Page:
10 Underrated Google Analytics Features You Need to Know

It’s no secret that Google Analytics (GA) is the most widely used analytics tool globally (more than 50% of all websites use GA). While page views and bounce rates are popular metrics used to evaluate site health, GA’s suite of metrics can provide richer, more valuable insights when set up correctly. Take a look at these 10 underrated GA features you should be using. 

  1. Custom Alerts

Custom alerts are a great way to keep tabs on your website and user behavior using custom parameters. For example, you can set an alert to let you know when traffic stops coming to your site altogether. This can help you identify and fix any tracking issues that led to a loss of tracking data. You can also set up a custom alert to tell you when there is a change in page load speed, which you will want to fix right away. 

  1. Channel Groupings

Easily track and analyze site visitors with channel groupings. GA offers a default channel grouping, including traffic sources such as organic search, paid search, and social. However, you can also create custom channel groupings. For example, you can set up a custom channel grouping for time of day (morning, afternoon, evening), which can be used to see how many visitors your site received during specified times of the day. 

  1. Annotations

Viewable privately within the GA dashboard, annotations allow you to add notes to spikes in traffic or site downtime. This is important because annotations make it possible to add context to your data. As an example, if your site had a bug that needed to be fixed and experienced a drop in traffic as a result, you can create an annotation labeled “bug fix” on the day the problem was fixed and then analyze all traffic that comes in after that note. With annotations, you can quickly see when an event affected your site and why while auditing your metrics.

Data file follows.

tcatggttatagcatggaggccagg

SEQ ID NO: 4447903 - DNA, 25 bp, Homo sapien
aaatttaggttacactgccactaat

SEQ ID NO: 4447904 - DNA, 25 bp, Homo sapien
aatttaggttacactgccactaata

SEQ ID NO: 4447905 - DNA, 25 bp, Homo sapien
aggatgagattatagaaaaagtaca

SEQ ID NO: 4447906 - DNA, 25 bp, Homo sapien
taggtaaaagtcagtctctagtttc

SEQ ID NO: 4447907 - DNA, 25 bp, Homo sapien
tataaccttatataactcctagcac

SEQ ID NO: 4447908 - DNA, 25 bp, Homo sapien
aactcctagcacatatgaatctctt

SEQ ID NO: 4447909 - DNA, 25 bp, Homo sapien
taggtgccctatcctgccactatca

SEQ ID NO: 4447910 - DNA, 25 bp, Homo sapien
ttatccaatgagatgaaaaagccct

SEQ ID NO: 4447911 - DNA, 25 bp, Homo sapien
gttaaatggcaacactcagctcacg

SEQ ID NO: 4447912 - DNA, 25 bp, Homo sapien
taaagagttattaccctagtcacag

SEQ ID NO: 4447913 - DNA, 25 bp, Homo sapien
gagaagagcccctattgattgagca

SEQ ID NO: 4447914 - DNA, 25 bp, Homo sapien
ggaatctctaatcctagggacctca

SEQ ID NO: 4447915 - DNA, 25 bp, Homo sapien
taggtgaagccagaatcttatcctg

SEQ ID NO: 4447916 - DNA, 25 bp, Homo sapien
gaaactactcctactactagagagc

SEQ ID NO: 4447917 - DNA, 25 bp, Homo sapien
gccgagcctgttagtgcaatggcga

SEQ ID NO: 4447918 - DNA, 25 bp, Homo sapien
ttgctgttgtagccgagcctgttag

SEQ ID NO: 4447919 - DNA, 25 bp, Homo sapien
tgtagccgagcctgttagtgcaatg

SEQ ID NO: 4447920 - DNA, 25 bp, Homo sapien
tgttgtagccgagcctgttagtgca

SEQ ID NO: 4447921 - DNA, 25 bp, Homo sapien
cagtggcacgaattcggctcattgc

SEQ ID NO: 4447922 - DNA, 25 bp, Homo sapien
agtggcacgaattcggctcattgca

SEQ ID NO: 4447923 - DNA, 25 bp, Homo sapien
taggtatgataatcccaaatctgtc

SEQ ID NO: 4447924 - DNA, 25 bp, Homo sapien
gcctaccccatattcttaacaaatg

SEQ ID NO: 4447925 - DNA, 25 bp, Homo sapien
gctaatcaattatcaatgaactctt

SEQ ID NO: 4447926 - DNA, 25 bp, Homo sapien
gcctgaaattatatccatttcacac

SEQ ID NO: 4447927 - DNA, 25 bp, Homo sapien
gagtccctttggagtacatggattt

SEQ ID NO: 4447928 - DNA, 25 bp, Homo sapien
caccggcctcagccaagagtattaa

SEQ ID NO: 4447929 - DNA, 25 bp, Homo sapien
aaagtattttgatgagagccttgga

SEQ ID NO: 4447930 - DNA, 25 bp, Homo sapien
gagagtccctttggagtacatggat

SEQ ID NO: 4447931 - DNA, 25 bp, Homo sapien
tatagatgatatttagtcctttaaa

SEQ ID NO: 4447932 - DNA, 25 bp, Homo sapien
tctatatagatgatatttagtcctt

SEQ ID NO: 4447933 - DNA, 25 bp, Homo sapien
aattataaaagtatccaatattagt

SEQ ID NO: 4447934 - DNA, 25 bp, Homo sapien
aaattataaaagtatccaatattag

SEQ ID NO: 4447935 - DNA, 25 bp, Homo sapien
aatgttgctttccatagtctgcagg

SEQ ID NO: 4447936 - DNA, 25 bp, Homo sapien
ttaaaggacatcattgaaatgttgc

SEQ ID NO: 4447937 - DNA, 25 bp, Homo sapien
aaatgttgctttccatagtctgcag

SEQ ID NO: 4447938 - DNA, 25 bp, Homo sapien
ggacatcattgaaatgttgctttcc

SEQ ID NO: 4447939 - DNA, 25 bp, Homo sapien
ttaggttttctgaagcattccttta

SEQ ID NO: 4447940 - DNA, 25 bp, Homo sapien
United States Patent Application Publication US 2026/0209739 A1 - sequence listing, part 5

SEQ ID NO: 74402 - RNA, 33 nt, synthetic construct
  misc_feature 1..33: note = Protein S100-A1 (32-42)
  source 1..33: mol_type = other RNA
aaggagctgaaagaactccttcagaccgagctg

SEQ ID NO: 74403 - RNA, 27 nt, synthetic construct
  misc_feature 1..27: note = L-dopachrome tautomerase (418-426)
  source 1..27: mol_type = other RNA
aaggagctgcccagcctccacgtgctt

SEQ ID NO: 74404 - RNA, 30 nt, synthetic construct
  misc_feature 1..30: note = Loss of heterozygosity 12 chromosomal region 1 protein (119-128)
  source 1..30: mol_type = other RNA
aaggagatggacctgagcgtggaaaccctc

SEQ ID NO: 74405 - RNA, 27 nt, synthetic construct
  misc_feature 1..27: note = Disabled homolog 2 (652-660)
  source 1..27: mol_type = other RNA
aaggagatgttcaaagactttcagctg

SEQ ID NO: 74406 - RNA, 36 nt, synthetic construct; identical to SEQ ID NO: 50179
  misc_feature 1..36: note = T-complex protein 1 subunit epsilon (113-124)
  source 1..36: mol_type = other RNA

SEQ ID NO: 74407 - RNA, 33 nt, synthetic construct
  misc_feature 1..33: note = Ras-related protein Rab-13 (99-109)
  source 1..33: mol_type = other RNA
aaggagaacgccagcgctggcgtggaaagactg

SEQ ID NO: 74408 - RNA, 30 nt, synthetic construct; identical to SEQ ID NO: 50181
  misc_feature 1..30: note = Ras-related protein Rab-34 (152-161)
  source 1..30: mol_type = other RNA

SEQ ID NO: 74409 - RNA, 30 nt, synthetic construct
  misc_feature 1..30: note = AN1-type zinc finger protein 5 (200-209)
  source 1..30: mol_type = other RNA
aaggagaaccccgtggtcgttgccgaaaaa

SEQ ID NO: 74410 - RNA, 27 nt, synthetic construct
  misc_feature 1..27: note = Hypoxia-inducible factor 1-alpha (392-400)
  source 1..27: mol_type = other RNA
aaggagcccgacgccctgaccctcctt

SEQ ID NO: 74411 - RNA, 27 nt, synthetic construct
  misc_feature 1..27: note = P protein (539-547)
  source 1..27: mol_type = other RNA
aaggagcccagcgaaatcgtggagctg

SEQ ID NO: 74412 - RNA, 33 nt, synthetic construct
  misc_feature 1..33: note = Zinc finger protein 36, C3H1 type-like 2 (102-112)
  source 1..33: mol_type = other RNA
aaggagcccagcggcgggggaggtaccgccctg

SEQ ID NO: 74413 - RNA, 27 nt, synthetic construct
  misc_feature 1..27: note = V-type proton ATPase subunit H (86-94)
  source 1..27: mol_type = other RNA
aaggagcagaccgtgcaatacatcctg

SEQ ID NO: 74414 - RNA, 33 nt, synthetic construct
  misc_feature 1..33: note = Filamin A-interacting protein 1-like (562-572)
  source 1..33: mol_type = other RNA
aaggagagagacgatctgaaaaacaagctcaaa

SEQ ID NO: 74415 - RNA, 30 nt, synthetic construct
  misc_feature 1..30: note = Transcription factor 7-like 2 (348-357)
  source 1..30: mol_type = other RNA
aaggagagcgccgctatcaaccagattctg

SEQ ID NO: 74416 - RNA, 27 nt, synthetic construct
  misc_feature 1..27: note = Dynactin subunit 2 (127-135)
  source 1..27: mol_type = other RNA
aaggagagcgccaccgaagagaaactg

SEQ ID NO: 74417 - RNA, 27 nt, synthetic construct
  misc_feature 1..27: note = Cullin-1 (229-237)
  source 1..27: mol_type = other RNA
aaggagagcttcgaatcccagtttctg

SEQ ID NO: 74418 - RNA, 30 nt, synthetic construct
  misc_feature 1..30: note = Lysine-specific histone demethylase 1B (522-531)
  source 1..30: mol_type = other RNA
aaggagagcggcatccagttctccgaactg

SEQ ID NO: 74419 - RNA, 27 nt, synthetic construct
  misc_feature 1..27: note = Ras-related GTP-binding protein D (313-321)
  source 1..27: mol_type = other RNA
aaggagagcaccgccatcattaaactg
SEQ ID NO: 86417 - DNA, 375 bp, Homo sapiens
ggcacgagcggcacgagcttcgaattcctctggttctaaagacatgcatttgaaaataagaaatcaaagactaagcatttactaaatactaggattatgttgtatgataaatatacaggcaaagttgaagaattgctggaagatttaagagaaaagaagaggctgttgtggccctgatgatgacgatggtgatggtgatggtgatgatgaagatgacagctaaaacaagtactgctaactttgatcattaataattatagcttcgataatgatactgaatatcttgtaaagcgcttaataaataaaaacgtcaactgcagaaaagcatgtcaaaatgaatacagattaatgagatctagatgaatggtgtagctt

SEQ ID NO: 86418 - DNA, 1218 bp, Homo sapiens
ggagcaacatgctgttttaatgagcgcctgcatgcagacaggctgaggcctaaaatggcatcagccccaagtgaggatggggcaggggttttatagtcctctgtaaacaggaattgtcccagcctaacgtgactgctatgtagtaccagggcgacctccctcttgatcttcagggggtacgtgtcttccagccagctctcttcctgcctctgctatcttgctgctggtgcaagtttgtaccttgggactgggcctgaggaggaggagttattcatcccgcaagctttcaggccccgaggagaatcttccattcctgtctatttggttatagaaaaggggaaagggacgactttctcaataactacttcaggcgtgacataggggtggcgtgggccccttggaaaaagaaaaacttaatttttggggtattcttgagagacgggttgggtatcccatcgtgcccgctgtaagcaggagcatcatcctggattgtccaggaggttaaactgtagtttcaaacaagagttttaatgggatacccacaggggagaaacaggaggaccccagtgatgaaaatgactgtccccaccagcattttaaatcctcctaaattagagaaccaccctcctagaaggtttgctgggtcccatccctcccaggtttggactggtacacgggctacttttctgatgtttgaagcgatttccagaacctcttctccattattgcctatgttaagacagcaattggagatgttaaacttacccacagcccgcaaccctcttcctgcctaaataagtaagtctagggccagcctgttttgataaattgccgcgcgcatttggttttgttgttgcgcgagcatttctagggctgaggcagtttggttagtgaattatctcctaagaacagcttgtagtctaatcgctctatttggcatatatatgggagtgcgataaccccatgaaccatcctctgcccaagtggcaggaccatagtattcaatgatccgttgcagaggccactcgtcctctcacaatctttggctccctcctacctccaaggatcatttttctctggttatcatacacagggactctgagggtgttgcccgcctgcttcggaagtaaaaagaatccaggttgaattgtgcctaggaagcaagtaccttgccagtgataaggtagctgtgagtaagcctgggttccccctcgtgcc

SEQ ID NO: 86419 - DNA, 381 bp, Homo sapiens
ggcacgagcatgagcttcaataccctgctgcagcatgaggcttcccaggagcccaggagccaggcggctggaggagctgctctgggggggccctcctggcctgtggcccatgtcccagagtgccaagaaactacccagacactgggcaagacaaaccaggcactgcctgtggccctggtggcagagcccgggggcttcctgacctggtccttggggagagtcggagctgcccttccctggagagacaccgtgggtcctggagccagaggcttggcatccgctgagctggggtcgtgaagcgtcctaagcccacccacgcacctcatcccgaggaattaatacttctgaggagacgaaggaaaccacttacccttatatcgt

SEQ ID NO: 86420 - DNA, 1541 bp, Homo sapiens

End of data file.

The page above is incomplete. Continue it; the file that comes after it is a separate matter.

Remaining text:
1. Reporting Automation

Any time you can automate a manual task, you’re saving time and money. Report automation is one of the most valuable tools within GA. You can build custom, automated reports to be viewed at your leisure. The best part? Google Analytics makes this possible with zero coding knowledge required. Check out GA’s instructions for generating automated reports in Google Sheets. 

  1. Behavior Flow

Though it requires the use of Events in Google Analytics, Behavior Flow reports are extremely valuable for sales-driven businesses, such as e-Commerce or service websites. Within a Behavior Flow report, you can measure audience engagement and the actions taken before and after conversions. For example, did a visitor click on multiple products before deciding to purchase one, or did a viewer read seven blogs before filling out a “Contact Us” form? With Behavior Flow, you can see what’s working and leading to sales and what isn’t. 

  1. e-Commerce Tracking

When you want to take a deeper dive into e-Commerce metrics, you’ll want to enable e-Commerce tracking in GA. Google explains that to use this feature, you will need to complete a few steps first, but once you do, you have access to valuable data about e-Commerce transactions on your site. Metrics you can view include total revenue, average order value, average order quantity, and more. 

  1. Demographics

Spend five minutes researching content marketing, and you’ll be told you need to know who your audience is. If you’re just starting or haven’t yet looked at the data, you might only have a good guess about who your audience is. But with Google Analytics, you can configure views to tell you exactly who is visiting your site, including data such as age, gender, and even affinity categories to gain insight into your viewers’ lifestyle. 

  1. Site Speed Report

Site speed is key to optimizing user experience and keeping people on your site. Google Analytics’ Site Speed Report is designed to help you evaluate the factors slowing your site down and provide opportunities for improvement. The report captures page-load time for a sample of pages on your site, how quickly the browser displays a page, and can even reveal how quickly images or other data load on a page. 

  1. Campaign Tracking 

When it comes to measuring a marketing strategy’s effectiveness, Campaign Tracking in GA is your best friend. By adding parameters to campaign URLs, you can track where the most referrals are coming from, which channels generate the most revenue, and even A/B test calls to action to see which is most profitable. 

  1. Search Terms and Queries

Last, search terms and queries in GA are important metrics for determining how users end up on your site. You may find that the top keywords or phrases searched by users who end up on your site are either unrelated to your brand or an underused keyword target. Either way, the data presents you with an opportunity to leverage new key terms to bring more traffic to your site.